No Single Path to Working In-House 

In-house attorneys talk to law students about the corporate counsel route 

There’s not one single path to an in-house counsel position. At an event organized by the Association of Corporate Counsel Colorado Chapter, law students from University of Colorado and University of Denver listened to in-house attorneys talk about how they landed in their current positions and what makes in-house practice different from private practice.

The speakers each had different legal backgrounds and paths to their current positions, whether they always knew they wanted to work as corporate counsel someday or worked for several years between college and law school. Regardless of their own route, each speaker reassured the students that a person’s career doesn’t usually have a straight trajectory.

Amy Klemt, counsel at MarkWest Energy Partners, said she knew from the outset of law school she wanted to take the in-house path and did not want to do litigation work. But going straight from law school to a corporate counsel position was rare when she graduated, Klemt said, and she first worked as a corporate associate in WilmerHale’s Washington, D.C., office. Since then, she’s worked in-house at four different companies. In-house lawyers often have corporate and transactional backgrounds, she said.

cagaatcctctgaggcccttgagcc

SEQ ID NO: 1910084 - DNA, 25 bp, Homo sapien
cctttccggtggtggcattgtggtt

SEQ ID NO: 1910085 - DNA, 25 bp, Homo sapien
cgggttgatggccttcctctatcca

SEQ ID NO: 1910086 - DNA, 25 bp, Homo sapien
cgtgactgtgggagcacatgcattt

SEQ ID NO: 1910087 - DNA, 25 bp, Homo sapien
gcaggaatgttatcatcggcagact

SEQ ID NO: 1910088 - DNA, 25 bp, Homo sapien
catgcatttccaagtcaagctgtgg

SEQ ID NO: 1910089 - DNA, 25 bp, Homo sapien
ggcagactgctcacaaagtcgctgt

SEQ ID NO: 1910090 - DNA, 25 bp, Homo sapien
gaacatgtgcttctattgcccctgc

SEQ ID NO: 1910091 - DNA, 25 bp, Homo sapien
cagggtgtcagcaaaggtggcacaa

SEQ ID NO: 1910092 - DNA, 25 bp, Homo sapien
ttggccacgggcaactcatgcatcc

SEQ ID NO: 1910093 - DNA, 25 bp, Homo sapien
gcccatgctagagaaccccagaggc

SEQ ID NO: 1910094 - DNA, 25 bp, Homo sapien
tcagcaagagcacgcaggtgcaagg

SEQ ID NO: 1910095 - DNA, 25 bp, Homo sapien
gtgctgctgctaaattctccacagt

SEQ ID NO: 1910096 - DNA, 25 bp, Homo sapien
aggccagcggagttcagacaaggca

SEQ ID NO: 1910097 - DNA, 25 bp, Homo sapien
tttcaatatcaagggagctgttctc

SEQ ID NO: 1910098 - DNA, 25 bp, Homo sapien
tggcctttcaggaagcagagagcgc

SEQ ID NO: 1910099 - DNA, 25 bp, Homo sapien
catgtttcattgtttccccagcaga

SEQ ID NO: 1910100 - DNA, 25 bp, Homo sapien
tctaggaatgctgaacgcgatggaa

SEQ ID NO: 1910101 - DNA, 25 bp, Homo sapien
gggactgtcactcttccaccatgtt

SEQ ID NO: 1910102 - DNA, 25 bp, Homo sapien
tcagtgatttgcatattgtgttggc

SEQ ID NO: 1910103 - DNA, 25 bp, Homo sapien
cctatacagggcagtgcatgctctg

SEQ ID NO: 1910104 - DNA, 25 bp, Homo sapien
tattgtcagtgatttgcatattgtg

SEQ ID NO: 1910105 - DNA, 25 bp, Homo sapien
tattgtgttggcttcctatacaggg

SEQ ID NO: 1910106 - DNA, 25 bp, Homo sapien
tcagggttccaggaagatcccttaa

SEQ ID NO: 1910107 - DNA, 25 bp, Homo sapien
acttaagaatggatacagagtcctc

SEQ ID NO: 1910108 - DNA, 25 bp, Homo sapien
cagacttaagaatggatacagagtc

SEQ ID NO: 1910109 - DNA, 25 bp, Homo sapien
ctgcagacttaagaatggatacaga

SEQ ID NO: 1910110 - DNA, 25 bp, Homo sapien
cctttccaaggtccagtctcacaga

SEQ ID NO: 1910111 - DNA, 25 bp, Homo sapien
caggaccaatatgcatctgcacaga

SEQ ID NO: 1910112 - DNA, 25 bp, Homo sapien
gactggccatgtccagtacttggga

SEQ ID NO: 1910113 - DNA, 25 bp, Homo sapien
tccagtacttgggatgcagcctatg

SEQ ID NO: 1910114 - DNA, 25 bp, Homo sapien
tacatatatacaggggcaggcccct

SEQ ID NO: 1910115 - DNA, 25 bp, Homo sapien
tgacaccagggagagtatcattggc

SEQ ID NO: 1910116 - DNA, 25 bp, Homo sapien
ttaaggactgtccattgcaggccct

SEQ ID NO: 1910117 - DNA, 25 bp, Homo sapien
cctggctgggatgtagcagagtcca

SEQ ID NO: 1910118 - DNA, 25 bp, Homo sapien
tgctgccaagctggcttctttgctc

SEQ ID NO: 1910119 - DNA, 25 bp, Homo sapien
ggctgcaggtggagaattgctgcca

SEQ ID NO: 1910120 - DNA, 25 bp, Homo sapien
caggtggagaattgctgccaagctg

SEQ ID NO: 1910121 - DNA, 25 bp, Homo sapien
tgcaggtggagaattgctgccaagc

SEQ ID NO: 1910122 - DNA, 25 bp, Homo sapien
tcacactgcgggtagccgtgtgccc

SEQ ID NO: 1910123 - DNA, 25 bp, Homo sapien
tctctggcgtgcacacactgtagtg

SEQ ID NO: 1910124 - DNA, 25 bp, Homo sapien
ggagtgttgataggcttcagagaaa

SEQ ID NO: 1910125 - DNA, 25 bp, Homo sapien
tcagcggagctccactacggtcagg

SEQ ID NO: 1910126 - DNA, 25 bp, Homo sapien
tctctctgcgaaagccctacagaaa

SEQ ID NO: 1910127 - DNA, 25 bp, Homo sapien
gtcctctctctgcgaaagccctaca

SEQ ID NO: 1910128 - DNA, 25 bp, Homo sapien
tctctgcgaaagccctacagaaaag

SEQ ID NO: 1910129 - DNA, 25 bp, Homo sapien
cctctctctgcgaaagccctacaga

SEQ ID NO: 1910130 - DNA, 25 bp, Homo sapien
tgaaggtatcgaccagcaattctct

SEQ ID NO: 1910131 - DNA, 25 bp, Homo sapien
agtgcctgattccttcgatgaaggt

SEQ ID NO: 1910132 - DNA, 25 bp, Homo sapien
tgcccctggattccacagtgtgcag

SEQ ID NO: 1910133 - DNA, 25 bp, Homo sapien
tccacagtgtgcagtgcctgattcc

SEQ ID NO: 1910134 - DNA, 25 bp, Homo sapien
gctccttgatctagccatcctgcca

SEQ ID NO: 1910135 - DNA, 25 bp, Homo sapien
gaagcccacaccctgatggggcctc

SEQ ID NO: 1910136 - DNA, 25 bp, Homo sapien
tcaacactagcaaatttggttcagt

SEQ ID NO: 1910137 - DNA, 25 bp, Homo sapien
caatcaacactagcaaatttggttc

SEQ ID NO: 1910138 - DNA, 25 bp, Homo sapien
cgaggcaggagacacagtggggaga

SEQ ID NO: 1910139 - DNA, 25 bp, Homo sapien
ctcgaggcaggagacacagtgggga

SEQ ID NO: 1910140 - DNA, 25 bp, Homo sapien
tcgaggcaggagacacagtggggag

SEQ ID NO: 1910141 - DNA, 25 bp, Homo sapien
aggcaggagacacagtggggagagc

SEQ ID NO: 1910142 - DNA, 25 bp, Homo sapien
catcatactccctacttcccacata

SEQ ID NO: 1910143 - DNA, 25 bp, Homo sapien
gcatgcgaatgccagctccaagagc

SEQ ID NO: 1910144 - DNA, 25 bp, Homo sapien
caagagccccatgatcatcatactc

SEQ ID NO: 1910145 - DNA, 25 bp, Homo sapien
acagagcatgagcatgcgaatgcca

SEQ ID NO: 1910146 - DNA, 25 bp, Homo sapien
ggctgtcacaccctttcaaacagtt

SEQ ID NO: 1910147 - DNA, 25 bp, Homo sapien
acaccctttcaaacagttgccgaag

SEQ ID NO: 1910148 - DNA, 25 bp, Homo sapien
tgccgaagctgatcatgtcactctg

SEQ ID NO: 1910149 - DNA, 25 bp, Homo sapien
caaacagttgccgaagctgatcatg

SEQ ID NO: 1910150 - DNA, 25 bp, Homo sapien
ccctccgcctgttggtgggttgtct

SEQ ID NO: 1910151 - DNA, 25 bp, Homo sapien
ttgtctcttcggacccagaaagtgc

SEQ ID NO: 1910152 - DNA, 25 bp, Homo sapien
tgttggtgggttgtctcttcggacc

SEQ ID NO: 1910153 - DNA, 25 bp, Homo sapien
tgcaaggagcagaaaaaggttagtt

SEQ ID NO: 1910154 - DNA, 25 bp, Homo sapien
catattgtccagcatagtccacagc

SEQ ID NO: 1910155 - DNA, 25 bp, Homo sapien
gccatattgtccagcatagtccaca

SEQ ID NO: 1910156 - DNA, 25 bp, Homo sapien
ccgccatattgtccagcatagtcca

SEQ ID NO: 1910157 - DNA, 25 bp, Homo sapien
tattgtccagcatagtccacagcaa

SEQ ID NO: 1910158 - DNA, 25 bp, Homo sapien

“One of the things I really like about in-house practice is that you get to know the businesspeople, and you get to know the business,” she said. “A lot of the time, I’m putting on a business hat instead of my legal hat.” Klemt added that when she brings her legal perspective to the table, it still requires balancing with the company’s business interests.

Sadie Sullivan, who serves as associate general counsel at Children’s Hospital Colorado, spoke with law students about interviewing tips and how to make a résumé stand out.

She said including experience that speaks to an applicant’s personal interests can help set them apart from scores of applicants who may start blurring together.

“After a while, everyone has the same numbers, right?” Sullivan said. “I was in the Peace Corps, so anyone who puts something about the Peace Corps or AmeriCorps, I instantly think they’re great. Or if they’re a long-distance runner, they know adversity, they know commitment.”

To read this story and other complete articles featured in the September 24, 2018 print edition of Law Week Colorado, copies are available for purchase online.